Though Google Chrome already provides you an option to go incognito if you seek a private browsing session, the new patent awarded to Google aims to make this process completely automatic rather than the present set-up which needs to be enabled manually.
The patent that was filed earlier in 2011, relates to equipping a web browser with the ability to automatically open web pages in a privacy mode based on content of the web pages so that a user is not required to manually activate the privacy mode.
As described in the patent, the incognito mode can either be configured to kick off every time a browser session is started or to open certain websites in the private session.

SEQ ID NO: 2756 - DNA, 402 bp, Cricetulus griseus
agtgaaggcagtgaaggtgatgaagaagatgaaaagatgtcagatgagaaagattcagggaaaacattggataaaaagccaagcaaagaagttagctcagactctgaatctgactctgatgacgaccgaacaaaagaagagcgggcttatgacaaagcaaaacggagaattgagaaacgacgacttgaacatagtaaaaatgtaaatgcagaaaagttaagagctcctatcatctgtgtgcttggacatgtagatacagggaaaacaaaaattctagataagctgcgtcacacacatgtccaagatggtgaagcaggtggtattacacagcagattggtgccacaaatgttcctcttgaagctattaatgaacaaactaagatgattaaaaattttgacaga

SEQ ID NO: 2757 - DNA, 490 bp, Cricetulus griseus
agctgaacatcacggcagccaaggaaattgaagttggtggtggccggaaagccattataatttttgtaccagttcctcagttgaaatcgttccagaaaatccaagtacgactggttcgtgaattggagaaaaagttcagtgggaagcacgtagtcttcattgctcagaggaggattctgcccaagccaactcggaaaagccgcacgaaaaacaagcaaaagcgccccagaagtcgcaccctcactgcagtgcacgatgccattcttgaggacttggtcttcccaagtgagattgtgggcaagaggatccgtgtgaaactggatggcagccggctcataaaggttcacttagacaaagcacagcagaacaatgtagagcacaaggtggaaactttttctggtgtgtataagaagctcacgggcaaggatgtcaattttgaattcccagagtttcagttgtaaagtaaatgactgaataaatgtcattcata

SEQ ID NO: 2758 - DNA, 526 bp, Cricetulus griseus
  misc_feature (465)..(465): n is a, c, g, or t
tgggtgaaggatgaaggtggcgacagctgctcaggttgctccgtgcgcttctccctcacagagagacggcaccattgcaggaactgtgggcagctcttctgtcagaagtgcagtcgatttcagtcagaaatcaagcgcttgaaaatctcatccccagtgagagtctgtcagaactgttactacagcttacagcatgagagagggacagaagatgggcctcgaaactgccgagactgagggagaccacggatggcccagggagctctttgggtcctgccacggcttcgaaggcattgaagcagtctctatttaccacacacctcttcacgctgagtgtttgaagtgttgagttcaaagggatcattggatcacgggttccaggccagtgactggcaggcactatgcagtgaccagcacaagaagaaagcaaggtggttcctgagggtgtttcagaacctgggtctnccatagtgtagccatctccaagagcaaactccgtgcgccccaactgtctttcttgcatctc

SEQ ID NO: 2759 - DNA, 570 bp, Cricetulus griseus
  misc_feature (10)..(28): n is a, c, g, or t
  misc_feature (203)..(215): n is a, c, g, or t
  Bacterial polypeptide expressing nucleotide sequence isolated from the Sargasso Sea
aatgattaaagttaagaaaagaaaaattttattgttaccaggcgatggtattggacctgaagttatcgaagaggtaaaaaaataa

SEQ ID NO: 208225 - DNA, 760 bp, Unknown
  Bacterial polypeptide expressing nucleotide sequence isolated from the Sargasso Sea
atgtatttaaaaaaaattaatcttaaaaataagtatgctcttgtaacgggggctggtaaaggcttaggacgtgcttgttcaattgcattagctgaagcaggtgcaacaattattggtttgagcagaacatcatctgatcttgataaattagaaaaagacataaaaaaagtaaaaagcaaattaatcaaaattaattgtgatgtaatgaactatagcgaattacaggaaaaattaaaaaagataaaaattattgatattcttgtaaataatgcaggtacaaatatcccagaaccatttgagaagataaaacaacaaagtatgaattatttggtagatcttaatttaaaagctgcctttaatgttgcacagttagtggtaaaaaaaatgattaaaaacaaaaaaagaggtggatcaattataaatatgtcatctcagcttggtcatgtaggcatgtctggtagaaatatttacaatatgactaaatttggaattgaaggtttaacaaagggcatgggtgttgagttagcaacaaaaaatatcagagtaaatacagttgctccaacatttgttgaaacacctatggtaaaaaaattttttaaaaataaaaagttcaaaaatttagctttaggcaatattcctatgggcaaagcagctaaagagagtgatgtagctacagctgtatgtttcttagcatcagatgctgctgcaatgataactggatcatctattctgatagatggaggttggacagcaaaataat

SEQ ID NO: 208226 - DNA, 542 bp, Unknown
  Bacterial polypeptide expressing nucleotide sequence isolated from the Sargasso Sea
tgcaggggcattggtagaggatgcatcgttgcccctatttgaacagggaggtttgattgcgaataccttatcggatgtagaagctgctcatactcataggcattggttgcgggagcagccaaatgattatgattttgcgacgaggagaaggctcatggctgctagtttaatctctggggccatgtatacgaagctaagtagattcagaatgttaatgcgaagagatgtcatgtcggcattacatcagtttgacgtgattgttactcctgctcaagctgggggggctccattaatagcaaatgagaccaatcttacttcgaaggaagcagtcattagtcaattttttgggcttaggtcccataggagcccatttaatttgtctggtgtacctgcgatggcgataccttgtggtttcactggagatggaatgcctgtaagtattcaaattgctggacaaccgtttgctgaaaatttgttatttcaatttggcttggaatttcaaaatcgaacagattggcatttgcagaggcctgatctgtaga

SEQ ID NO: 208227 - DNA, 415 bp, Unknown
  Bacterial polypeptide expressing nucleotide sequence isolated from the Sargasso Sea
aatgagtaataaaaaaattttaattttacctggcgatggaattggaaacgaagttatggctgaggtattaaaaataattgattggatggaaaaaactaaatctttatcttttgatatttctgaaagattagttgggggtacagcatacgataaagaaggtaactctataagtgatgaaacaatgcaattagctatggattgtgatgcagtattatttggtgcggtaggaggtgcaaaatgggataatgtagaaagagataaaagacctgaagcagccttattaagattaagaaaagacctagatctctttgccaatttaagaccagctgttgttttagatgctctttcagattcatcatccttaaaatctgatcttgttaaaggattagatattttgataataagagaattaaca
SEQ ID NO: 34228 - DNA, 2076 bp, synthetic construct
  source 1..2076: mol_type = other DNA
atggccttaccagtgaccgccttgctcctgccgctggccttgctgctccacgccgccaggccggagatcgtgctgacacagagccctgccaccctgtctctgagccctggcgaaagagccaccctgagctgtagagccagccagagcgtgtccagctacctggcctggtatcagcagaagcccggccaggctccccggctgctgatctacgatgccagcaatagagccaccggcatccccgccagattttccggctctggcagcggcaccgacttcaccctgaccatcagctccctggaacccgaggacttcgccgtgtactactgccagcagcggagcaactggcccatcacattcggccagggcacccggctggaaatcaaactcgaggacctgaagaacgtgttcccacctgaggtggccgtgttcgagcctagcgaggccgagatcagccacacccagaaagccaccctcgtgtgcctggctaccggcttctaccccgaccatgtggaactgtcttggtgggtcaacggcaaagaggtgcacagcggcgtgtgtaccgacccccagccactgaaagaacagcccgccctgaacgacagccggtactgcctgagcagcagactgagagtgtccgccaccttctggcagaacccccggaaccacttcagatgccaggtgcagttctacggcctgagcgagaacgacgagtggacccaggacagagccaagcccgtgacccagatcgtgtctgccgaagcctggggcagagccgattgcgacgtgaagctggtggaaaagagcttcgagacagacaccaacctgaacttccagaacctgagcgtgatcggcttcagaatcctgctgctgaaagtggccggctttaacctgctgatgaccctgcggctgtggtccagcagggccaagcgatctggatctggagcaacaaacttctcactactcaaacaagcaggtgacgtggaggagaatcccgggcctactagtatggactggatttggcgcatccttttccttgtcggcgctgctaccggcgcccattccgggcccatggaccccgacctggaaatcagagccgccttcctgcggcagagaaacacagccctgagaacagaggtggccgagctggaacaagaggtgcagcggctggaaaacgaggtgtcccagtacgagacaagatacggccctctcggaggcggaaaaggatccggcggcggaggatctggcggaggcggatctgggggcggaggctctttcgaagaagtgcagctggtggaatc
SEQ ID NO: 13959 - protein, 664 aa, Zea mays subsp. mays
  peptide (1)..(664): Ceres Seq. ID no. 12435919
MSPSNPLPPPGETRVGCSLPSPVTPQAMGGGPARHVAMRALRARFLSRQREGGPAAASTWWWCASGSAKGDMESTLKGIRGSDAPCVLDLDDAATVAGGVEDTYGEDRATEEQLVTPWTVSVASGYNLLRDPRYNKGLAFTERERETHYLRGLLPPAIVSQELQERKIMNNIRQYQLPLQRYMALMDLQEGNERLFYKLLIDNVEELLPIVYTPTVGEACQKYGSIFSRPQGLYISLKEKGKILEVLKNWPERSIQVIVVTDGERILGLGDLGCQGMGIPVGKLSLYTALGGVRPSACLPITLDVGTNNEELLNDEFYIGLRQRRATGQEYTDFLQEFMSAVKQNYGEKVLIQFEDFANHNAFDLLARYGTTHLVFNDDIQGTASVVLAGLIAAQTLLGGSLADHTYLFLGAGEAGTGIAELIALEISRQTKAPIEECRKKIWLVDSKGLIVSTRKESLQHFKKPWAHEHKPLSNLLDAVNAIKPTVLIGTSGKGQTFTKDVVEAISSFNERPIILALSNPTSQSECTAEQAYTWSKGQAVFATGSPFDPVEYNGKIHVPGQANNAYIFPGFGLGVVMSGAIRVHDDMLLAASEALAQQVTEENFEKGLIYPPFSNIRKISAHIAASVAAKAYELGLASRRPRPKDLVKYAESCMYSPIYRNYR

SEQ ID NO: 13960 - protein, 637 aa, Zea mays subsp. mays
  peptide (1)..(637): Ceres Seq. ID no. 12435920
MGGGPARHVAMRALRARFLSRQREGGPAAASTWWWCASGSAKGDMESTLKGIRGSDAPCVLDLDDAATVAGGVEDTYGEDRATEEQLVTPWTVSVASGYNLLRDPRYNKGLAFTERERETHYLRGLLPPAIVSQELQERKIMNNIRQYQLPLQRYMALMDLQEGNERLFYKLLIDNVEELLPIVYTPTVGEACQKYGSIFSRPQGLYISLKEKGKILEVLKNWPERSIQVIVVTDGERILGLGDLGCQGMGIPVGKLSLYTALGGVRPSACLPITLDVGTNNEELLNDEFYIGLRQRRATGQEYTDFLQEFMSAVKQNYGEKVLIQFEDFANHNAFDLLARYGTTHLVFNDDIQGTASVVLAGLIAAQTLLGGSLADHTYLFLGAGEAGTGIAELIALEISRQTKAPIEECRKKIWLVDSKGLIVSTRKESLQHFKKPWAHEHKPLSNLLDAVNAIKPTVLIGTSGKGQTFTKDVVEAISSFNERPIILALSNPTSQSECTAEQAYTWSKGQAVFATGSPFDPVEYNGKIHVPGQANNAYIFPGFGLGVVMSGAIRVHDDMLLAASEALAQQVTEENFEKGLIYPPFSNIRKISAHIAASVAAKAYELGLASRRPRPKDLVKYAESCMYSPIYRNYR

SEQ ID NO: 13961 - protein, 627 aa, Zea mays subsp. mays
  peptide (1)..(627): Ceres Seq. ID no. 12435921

Furthermore, Google is also gifting some artificial intelligence to its browser, making it capable enough to recognize webpages that seek credit card details or such sensitive information and would automatically switch to incognito mode.
As stated in the patent-
Embodiments of the present disclosure relate to equipping a web browser with the ability to automatically open web pages in a privacy mode based on content of the web pages so that a user is not required to manually activate the privacy mode.
Incorporation of these features into the browser will further enhance its security and privacy, the aspects in much demand these days following the grave cyber attacks witnessed recently.
The users as well as the developer teams have realized the importance of the web security and are restlessly adding up more and more security levels in order to barre hackers and other possible threats. Recently, Mozilla added a Forget button to Firefox that wipes browser data from the last five minutes, two hours or an entire day with a single click.